Afternoon was chill as well. We did a clinic session on healthy eating. Basically, we read an information sheet (one that was prepared during our planning session on Monday afternoon) and the translator read it to the patients in the waiting room. I always wonder what she is saying though :D because she seems to be saying a lot more words than we read. When we finished, we went to this roadside store called a “Tuck Stop”. They are scattered throughout the villages and sell pop, chips, candy, and this thing called a combo which is a sweet roll and chili fries (I know – kind of random). Unfortunately, I gave in and drank my entire water bottle during project, and I just couldn’t hold it in any longer, so I used the porta potty. I just had to believe in myself because my legs were shaking as I squatted in the tiny, rusted, smelly john. The relief I felt was worth it, though.

Now I’m just waiting for dinner, which thankfully is something I can eat again (ground beef). Since being home from afternoon project, I went for a short walk, did some abs/stretching, and wrote some thank-you notes. After dinner I’m hoping for popcorn, movie, and doing some research on asking companies to donate goods for causes (I’m trying to compose an email to send to dental hygiene companies asking for toothbrushes that African Impact can give to children in preschools here). That’s about it for me! Veeeeery tired though.

Posted by kfkeane 09:35 Archived in South Africa Tagged food death expectations care volunteer session healthy preschool equality pride gender toothbrush omen Comments (3)

Monkey See, Monkey Do

sunny 80 °F

Good Moooooorning San Francisco!! I thought of that on my walk this afternoon. I feel like I’m doing a daily broadcast with my blogs – love it! So this morning I ran again. I’m always anxious to run after a day off. It was actually kind of chilly – like I could see my breath! Something I realized while warming up for my run, though, was that I have a serious monkey/copy-cat. The girl I go running with follows me everywhere and does everything I do. I’m a very independent person who values her alone time, so this really bothers me. For example, before she met me, she said she ran at most 3x/week for about 2 miles; now she runs 6 days/week for about 4 miles. Also, she used to just hop out of bed and run, but now she has to do the exact. same. warmup exercises that I do. This morning, I also looked over and she was doing my ankle rehab exercises and I’m not sure she knows why she is doing any of the exercises in the first place except for that it’s what I’m doing. She also asks to go on walks with me after dinner because she knows I like to go for walks and go to the gym to stretch. There are some benefits, though. She made me a dinner without garlic and onions last weekend and made the layout for my journal calendar, so I didn’t even have to be creative; I just copied her design. I feel slightly guilty, but I get annoyed by having a shadow. I know she only has good intentions, though, which keeps me from saying anything.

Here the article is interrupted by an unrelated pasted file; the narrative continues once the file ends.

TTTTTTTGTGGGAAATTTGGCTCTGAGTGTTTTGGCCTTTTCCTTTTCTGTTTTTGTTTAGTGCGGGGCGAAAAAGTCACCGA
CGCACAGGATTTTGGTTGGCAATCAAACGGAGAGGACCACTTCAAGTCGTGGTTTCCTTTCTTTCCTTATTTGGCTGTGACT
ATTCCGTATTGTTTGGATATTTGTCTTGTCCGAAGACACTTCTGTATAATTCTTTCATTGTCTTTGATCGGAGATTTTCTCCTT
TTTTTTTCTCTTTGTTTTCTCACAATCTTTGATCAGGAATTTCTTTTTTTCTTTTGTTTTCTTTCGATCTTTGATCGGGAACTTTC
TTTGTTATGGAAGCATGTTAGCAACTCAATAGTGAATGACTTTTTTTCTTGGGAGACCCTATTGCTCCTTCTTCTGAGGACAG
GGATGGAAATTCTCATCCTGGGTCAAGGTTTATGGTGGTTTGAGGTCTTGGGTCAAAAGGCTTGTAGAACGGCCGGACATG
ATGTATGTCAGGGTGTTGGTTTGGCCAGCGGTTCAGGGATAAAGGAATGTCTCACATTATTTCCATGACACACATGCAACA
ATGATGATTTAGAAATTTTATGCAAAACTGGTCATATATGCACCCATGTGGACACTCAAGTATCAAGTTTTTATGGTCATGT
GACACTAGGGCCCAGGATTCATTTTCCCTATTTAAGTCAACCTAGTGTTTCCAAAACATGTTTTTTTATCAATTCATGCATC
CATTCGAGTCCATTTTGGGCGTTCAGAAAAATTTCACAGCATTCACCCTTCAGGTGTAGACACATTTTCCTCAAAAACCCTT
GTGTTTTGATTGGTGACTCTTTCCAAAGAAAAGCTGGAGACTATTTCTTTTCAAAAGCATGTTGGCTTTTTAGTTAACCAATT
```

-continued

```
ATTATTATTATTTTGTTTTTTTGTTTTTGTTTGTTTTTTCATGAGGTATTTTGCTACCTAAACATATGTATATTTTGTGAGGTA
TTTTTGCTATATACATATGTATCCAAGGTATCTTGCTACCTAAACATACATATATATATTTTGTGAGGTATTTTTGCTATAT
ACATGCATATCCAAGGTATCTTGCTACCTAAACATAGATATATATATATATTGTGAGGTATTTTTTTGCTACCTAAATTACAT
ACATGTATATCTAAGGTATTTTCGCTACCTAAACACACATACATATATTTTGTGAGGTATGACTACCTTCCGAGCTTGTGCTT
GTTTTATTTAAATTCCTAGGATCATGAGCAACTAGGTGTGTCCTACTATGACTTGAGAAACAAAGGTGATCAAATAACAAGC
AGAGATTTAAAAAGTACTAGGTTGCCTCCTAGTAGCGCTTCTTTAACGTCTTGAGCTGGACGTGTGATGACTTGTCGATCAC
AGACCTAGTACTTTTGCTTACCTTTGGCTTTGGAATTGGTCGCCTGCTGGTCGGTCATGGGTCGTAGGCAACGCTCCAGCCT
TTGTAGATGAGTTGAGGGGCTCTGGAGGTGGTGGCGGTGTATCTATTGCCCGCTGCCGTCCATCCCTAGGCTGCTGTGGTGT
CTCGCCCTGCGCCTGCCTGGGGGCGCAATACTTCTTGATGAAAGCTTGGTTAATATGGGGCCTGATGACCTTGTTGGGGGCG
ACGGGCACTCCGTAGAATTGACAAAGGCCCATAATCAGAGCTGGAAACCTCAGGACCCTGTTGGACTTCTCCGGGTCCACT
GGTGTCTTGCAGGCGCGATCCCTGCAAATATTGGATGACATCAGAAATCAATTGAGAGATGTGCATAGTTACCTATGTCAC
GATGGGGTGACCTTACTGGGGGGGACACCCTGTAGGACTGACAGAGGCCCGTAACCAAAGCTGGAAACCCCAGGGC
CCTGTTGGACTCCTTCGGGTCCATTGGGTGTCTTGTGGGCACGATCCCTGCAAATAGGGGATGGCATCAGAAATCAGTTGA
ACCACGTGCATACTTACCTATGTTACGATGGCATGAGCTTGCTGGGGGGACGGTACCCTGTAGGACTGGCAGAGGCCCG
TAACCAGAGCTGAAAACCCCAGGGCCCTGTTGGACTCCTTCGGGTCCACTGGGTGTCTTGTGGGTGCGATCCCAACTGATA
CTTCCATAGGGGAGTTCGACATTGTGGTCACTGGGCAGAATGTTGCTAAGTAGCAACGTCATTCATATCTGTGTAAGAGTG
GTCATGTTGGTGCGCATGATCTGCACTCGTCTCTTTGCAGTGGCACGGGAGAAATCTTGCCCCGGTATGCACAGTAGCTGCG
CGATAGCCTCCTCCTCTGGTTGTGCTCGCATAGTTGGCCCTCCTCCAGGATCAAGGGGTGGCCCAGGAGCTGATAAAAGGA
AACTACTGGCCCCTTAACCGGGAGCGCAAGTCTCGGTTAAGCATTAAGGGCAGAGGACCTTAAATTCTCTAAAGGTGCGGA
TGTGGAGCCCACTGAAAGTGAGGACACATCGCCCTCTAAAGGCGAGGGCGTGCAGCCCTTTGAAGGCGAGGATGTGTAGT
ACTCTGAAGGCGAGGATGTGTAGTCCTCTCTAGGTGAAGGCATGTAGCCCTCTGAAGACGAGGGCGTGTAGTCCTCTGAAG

Project-wise, in the morning I was at Holiday Club, which is basically day-care. We did about 45 minutes of songs, crafts, free play, and snack time. I later wrote some postcards to friends and family. After my run, I had spoken to the volunteer coordinator about the food continuing to have onions/garlic in it, so at lunch I was met with the beautiful surprise of *plain* chicken!!! It was so nice to eat a meal and know it was safe to eat. In the afternoon, I had gardening, which is my favorite project. I helped turn the dirt and then watered the plants after they were in the dirt. We created an entire garden from scratch for a family. My opinions about this volunteer organization’s work are starting to transform. I feel like this kind of work is actually beneficial; imagine how many gardens we could build for families in one year. This one garden took us less than 2 hours! I still have my doubts about some of the health-care volunteer work, but I think the garden work is really beneficial! Counting down the days to leave still. Twelve left after today.

Posted by kfkeane 11:14 Archived in South Africa Tagged food monkey garden family run weather chicken volunteer preschool copy gym countdown count_down Comments (3)

All of the Small Things

sunny 74 °F